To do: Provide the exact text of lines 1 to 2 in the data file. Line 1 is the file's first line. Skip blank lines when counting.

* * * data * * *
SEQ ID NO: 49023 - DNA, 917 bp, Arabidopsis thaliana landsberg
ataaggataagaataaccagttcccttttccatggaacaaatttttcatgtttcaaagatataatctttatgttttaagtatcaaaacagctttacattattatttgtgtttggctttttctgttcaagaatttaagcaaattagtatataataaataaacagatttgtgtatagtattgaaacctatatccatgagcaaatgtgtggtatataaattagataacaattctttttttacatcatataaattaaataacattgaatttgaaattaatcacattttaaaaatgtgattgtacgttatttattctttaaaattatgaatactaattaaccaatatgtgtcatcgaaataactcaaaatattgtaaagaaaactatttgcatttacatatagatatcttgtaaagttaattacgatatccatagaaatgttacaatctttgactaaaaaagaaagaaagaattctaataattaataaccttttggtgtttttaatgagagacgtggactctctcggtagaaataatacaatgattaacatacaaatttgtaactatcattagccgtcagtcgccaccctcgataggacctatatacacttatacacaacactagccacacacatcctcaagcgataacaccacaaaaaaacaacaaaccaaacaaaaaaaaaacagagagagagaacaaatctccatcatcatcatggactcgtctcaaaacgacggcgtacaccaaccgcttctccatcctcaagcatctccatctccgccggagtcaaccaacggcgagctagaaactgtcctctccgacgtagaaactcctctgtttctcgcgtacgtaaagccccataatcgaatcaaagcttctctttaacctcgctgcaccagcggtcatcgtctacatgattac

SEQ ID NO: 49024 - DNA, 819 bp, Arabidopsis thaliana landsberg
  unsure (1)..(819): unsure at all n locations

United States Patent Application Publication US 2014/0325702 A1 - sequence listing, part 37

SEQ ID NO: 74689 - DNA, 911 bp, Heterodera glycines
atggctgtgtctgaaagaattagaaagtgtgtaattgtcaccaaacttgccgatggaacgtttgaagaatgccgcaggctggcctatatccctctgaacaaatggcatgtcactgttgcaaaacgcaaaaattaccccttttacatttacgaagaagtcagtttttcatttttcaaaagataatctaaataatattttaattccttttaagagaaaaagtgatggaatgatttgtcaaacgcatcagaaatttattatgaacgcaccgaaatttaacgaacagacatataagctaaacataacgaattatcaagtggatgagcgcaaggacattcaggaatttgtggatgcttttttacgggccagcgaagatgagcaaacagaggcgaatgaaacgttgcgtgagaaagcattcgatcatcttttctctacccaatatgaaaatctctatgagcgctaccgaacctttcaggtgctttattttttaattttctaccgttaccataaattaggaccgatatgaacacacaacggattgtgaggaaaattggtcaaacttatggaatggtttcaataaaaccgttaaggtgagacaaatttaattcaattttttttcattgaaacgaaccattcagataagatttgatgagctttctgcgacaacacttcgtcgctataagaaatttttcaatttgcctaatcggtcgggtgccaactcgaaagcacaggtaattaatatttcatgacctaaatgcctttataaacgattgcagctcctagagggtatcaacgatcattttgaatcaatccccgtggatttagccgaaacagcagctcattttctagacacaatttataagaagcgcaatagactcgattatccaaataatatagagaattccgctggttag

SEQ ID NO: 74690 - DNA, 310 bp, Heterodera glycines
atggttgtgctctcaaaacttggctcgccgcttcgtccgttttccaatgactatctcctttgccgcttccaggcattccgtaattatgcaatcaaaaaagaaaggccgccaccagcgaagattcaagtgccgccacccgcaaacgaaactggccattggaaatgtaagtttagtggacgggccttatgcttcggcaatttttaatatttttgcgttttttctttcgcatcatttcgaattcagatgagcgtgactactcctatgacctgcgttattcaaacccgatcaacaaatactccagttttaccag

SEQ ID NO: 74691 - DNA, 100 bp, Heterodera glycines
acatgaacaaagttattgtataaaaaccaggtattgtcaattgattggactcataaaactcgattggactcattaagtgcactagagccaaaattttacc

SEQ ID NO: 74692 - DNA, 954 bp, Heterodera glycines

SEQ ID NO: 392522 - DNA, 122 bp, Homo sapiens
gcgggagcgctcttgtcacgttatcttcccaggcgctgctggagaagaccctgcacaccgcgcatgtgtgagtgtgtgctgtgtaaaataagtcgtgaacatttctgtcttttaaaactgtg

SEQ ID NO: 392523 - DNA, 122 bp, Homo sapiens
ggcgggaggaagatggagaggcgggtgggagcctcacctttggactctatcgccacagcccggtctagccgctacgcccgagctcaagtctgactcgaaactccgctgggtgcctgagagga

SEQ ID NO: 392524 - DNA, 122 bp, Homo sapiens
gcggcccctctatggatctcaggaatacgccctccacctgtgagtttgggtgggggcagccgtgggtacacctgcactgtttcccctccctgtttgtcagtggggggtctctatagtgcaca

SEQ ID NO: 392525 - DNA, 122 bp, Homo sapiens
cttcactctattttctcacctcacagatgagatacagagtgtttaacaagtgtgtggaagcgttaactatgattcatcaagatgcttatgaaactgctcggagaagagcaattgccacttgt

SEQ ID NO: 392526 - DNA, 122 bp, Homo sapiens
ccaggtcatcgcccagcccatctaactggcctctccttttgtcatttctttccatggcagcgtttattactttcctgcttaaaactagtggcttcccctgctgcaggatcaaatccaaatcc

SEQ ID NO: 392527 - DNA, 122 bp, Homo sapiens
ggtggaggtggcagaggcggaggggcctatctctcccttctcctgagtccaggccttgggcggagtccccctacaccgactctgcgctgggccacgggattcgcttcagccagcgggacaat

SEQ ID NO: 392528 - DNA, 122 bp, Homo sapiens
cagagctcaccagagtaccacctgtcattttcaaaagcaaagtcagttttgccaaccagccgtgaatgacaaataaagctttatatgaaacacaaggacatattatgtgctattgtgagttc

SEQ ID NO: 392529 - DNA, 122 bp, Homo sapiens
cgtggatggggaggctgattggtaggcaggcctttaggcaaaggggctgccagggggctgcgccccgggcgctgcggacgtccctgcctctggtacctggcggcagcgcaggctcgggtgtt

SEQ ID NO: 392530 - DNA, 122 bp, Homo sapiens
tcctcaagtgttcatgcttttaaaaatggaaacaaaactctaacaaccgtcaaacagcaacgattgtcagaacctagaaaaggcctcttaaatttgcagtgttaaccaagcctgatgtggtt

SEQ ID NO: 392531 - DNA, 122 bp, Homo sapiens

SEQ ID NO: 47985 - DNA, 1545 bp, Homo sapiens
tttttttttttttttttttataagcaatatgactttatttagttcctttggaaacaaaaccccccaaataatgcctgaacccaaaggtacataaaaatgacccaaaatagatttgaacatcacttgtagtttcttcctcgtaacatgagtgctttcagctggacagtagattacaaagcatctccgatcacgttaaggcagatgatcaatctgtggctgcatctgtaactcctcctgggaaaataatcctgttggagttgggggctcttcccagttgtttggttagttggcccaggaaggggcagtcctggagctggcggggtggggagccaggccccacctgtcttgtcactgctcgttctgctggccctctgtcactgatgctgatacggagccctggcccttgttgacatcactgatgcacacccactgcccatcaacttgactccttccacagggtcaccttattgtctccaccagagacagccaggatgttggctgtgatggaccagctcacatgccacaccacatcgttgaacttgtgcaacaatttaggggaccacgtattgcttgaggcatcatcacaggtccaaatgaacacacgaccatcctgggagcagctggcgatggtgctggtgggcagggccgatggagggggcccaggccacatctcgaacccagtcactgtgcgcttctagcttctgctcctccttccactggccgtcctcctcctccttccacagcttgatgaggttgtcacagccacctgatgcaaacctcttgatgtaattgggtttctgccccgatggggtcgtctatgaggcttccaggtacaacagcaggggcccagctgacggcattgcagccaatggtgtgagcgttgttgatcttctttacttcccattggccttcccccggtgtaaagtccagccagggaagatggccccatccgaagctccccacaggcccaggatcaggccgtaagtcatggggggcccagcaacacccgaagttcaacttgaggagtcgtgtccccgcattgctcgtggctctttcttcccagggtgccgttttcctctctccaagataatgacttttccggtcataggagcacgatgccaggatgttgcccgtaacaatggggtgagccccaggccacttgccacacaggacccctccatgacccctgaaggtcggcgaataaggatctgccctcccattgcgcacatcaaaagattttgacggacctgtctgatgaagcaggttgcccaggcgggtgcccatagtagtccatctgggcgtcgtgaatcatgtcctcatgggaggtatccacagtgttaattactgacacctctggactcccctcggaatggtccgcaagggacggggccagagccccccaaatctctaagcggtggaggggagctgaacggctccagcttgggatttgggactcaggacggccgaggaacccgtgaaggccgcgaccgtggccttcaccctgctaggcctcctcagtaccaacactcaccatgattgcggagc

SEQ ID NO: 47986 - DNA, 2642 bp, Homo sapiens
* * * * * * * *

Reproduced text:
SEQ ID NO: 49023 - DNA, 917 bp, Arabidopsis thaliana landsberg
ataaggataagaataaccagttcccttttccatggaacaaatttttcatgtttcaaagatataatctttatgttttaagtatcaaaacagctttacattattatttgtgtttggctttttctgttcaagaatttaagcaaattagtatataataaataaacagatttgtgtatagtattgaaacctatatccatgagcaaatgtgtggtatataaattagataacaattctttttttacatcatataaattaaataacattgaatttgaaattaatcacattttaaaaatgtgattgtacgttatttattctttaaaattatgaatactaattaaccaatatgtgtcatcgaaataactcaaaatattgtaaagaaaactatttgcatttacatatagatatcttgtaaagttaattacgatatccatagaaatgttacaatctttgactaaaaaagaaagaaagaattctaataattaataaccttttggtgtttttaatgagagacgtggactctctcggtagaaataatacaatgattaacatacaaatttgtaactatcattagccgtcagtcgccaccctcgataggacctatatacacttatacacaacactagccacacacatcctcaagcgataacaccacaaaaaaacaacaaaccaaacaaaaaaaaaacagagagagagaacaaatctccatcatcatcatggactcgtctcaaaacgacggcgtacaccaaccgcttctccatcctcaagcatctccatctccgccggagtcaaccaacggcgagctagaaactgtcctctccgacgtagaaactcctctgtttctcgcgtacgtaaagccccataatcgaatcaaagcttctctttaacctcgctgcaccagcggtcatcgtctacatgattac